The New York Times obtained a copy of the book and offered us some brilliant insight into what the 532 pages have to offer.
According to the NY Times, Kennedy “called his behavior after the 1969 car accident that killed Mary Jo Kopechne ‘inexcusable’ and said the events might have shortened the life of his ailing father, Joseph P. Kennedy.”
While his reflections/confessions on this episode don’t add much to what we already know, they do shed some light on how his actions weighed heavily on him and his family.
Kennedy wrote of other painful memories including his drinking and womanizing following his 1982 divorce from Joan and how the deaths of his brothers deeply affected him and his family. He wrote that he didn’t run for the presidency again in 1984 (he challenged then president Jimmy Carter for the Democratic nomination in 1980) because his children feared for his life.
In raw and often intimate terms, Mr. Kennedy wrote of the despair he experienced after brother Robert’s assassination in 1968, “I tried to stay ahead of the darkness.” Kennedy wrote that he would flinch at loud, sudden noises like the explosion of firecrackers, or hit the deck whenever a car backfired and that he began to drink to excess during that period driving Joan Kennedy “deeper into her anguish.”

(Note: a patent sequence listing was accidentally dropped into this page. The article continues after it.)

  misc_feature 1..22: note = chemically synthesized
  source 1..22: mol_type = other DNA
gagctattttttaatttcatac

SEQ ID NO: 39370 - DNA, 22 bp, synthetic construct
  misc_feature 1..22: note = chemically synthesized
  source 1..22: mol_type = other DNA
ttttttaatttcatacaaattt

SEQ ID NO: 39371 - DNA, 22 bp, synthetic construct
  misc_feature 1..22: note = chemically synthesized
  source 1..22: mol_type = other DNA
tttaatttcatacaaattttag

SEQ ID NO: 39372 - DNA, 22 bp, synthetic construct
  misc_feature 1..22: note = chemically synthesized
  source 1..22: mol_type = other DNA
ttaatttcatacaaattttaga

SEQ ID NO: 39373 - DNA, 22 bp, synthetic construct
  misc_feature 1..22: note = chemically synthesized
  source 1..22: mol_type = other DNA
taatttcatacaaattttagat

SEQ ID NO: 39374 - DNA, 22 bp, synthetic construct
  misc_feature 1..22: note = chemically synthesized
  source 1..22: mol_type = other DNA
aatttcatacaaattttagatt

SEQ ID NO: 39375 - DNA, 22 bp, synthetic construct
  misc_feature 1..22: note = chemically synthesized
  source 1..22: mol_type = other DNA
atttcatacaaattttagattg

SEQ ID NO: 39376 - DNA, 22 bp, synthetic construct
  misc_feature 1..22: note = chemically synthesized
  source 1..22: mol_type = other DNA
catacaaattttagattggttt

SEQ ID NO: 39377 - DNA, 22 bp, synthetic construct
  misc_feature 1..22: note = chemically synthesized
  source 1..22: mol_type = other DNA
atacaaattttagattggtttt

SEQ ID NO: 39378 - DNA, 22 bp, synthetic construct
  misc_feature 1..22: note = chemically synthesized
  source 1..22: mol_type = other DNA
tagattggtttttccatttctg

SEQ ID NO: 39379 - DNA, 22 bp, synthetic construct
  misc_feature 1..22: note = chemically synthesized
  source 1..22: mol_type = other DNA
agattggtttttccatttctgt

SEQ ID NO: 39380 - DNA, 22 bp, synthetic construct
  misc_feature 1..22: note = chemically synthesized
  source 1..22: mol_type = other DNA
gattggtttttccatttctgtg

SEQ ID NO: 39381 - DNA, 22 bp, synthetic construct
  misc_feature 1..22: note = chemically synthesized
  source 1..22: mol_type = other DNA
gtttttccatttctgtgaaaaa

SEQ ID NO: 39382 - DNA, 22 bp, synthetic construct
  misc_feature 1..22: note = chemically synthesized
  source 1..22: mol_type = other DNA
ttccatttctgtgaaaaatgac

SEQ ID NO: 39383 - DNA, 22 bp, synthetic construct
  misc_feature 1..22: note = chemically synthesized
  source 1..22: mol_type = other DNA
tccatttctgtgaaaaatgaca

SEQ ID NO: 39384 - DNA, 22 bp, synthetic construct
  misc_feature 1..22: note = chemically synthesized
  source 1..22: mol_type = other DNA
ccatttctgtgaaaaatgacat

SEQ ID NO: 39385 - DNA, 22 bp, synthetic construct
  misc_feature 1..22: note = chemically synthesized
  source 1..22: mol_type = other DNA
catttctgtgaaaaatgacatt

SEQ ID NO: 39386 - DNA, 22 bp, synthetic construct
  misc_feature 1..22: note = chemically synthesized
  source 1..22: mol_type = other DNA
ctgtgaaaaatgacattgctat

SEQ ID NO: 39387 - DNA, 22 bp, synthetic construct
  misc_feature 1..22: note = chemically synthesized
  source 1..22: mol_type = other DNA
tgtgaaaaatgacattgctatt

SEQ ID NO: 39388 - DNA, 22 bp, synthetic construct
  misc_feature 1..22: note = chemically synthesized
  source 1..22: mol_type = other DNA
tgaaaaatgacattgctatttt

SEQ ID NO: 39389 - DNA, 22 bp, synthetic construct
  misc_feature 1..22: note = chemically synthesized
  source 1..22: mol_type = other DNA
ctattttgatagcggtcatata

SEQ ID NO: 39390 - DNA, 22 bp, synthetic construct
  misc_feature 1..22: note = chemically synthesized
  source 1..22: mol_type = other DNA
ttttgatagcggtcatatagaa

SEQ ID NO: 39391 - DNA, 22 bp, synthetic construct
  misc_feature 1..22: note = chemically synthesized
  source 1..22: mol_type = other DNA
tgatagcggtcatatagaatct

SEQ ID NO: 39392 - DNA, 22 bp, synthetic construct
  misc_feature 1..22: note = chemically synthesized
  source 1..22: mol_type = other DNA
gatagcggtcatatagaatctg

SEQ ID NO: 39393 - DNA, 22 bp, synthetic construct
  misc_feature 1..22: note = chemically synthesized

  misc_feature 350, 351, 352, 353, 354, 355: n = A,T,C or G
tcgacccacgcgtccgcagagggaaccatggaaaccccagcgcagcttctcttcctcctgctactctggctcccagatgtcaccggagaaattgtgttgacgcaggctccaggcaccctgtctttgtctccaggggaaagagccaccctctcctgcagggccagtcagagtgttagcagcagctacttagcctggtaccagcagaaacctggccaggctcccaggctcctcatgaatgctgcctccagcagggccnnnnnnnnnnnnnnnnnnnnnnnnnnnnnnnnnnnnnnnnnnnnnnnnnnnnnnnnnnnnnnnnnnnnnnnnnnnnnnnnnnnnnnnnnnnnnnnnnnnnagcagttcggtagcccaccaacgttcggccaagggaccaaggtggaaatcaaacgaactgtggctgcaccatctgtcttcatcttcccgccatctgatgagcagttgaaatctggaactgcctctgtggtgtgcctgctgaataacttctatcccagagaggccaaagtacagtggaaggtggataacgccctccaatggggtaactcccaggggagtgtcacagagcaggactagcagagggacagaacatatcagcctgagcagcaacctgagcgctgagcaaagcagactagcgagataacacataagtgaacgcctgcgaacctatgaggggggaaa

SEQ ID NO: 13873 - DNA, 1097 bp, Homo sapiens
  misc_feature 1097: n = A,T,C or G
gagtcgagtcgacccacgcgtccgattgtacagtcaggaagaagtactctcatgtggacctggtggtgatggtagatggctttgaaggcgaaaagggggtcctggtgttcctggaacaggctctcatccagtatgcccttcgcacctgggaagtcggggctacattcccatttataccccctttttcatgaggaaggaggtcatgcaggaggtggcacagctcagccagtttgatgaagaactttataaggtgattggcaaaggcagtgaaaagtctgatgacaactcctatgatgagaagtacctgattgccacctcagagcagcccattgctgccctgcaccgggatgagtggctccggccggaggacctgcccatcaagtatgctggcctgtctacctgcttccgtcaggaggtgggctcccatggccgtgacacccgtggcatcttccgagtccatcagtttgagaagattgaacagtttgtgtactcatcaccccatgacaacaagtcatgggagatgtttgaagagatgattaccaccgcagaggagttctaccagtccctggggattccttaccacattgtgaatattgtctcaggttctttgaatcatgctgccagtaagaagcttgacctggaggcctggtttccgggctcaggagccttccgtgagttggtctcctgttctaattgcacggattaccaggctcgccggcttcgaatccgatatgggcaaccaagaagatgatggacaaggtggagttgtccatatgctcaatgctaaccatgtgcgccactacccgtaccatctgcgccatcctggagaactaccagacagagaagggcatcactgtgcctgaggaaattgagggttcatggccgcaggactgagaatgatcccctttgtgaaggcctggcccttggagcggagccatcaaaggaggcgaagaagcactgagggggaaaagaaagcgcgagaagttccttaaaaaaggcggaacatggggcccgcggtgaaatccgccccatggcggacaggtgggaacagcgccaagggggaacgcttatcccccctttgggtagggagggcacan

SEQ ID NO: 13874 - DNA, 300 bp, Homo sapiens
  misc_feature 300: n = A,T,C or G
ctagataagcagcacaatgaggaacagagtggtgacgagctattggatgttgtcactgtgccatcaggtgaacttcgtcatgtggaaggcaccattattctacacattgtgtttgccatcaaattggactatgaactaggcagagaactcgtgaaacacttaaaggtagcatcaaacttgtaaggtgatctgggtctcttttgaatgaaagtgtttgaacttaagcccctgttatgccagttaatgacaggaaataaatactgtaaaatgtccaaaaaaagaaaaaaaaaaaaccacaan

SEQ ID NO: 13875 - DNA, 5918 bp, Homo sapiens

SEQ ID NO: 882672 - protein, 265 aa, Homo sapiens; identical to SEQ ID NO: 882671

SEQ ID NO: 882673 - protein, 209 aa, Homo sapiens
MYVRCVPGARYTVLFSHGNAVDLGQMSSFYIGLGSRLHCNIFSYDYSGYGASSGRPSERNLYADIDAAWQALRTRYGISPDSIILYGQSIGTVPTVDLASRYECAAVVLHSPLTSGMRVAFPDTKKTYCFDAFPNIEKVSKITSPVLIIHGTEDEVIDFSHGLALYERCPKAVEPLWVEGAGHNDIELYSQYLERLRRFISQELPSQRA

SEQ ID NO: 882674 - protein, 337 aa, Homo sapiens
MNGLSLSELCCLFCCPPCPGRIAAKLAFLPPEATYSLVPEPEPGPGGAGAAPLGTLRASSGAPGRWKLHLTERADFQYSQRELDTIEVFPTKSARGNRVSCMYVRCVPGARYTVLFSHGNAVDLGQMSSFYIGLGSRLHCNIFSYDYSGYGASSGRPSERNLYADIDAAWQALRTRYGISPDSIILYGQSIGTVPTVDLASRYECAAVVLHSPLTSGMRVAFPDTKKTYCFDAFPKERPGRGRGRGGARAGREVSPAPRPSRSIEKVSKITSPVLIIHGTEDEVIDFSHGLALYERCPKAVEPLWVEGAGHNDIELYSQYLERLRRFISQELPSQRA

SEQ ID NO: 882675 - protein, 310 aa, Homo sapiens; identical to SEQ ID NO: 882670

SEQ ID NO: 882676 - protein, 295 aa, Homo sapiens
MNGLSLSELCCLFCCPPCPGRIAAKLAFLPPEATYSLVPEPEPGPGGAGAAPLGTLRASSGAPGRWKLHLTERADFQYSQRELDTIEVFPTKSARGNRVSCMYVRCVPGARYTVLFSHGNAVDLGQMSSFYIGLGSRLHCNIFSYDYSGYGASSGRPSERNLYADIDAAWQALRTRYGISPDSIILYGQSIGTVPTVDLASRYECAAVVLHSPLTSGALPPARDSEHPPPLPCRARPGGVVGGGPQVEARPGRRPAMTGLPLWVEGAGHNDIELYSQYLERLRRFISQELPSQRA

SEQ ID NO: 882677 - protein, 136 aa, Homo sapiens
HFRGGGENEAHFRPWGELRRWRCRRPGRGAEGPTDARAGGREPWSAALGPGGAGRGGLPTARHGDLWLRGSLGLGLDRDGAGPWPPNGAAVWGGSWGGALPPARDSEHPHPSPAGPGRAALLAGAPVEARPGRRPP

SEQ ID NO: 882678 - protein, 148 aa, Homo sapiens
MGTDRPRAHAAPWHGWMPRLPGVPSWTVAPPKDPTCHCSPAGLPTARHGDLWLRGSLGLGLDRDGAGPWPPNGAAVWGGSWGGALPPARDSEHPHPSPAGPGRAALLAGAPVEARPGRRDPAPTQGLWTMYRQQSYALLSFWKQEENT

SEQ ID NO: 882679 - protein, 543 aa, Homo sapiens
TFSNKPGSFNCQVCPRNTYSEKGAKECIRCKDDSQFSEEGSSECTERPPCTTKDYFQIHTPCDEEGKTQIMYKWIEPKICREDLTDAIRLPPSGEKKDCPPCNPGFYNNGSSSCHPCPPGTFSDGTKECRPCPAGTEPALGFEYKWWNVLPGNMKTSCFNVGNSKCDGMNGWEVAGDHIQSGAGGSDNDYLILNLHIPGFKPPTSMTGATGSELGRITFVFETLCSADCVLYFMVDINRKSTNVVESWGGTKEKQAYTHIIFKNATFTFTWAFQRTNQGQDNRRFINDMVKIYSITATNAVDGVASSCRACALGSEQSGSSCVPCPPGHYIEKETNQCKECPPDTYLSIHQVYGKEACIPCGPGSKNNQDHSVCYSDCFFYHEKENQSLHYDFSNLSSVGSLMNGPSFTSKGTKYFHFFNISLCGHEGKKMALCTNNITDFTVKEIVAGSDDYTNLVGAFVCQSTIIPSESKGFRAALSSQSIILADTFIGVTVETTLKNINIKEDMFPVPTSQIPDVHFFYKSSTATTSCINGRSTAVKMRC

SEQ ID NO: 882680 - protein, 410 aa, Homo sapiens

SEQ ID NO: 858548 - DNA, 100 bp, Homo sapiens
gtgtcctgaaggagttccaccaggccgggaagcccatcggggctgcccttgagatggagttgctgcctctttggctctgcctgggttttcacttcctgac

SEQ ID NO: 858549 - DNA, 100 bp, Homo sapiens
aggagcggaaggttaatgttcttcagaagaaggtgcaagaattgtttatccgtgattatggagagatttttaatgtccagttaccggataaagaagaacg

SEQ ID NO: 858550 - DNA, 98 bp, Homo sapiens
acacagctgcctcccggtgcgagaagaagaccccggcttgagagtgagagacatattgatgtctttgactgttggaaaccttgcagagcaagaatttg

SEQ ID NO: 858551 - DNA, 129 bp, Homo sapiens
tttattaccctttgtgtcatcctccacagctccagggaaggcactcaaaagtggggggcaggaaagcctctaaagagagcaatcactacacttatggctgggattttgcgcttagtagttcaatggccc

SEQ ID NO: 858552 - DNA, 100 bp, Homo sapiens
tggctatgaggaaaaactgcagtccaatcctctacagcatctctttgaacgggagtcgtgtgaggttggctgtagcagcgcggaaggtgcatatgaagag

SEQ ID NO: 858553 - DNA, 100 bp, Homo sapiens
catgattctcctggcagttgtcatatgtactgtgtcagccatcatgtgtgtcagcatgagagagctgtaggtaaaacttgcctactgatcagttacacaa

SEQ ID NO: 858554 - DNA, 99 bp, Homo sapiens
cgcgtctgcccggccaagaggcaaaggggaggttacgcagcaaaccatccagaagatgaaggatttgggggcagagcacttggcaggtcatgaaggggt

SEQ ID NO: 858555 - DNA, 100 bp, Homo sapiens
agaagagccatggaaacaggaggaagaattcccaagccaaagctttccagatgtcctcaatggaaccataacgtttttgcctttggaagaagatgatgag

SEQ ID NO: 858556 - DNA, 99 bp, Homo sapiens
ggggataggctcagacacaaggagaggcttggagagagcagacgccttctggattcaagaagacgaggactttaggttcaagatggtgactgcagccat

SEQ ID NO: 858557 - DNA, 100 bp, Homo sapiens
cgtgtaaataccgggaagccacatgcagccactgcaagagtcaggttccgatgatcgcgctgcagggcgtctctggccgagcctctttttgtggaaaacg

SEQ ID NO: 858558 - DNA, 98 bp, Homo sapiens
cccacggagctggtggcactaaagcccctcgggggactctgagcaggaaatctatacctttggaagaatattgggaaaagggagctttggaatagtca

Kennedy, a ‘bigger than life’ personality, wrote of his feelings of inadequacy: “As I think back to my three brothers, and about what they had accomplished before I was even out of my childhood, it sometimes has occurred to me that my entire life has been a constant state of catching up.”
In brutal honesty, Kennedy wrote how his past behavior had a way of catching up with him and his family-hard. Regarding the 1991 episode in Palm Beach when he went drinking with his son Patrick and nephew William K. Smith, who would be charged for rape-and then acquitted, Kennedy wrote of how his actions hurt his political clout a short time later when Clarence Thomaswas nominated for a seat on the Supreme Court.
Kennedy was against the nomination, but, he wrote, “Hard truth: with all the background noise about Palm Beach and my bachelor lifestyle, I would have been the wrong person” to raise questions about Mr. Thomas’s alleged sexual harassment of Anita F. Hill.
Kennedy, long a favorite subject for the tabloids, wrote about the intense scrutinizing of the private lives of public officials. Kennedy wrote he had no quarrel with such inquiries, “But do I think it tells the whole story of character? No I truly do not … some people make mistakes and try to learn from them and do better. Our sins don’t define the whole picture of who we are.”
“True Compass,” goes on sale September 14th.
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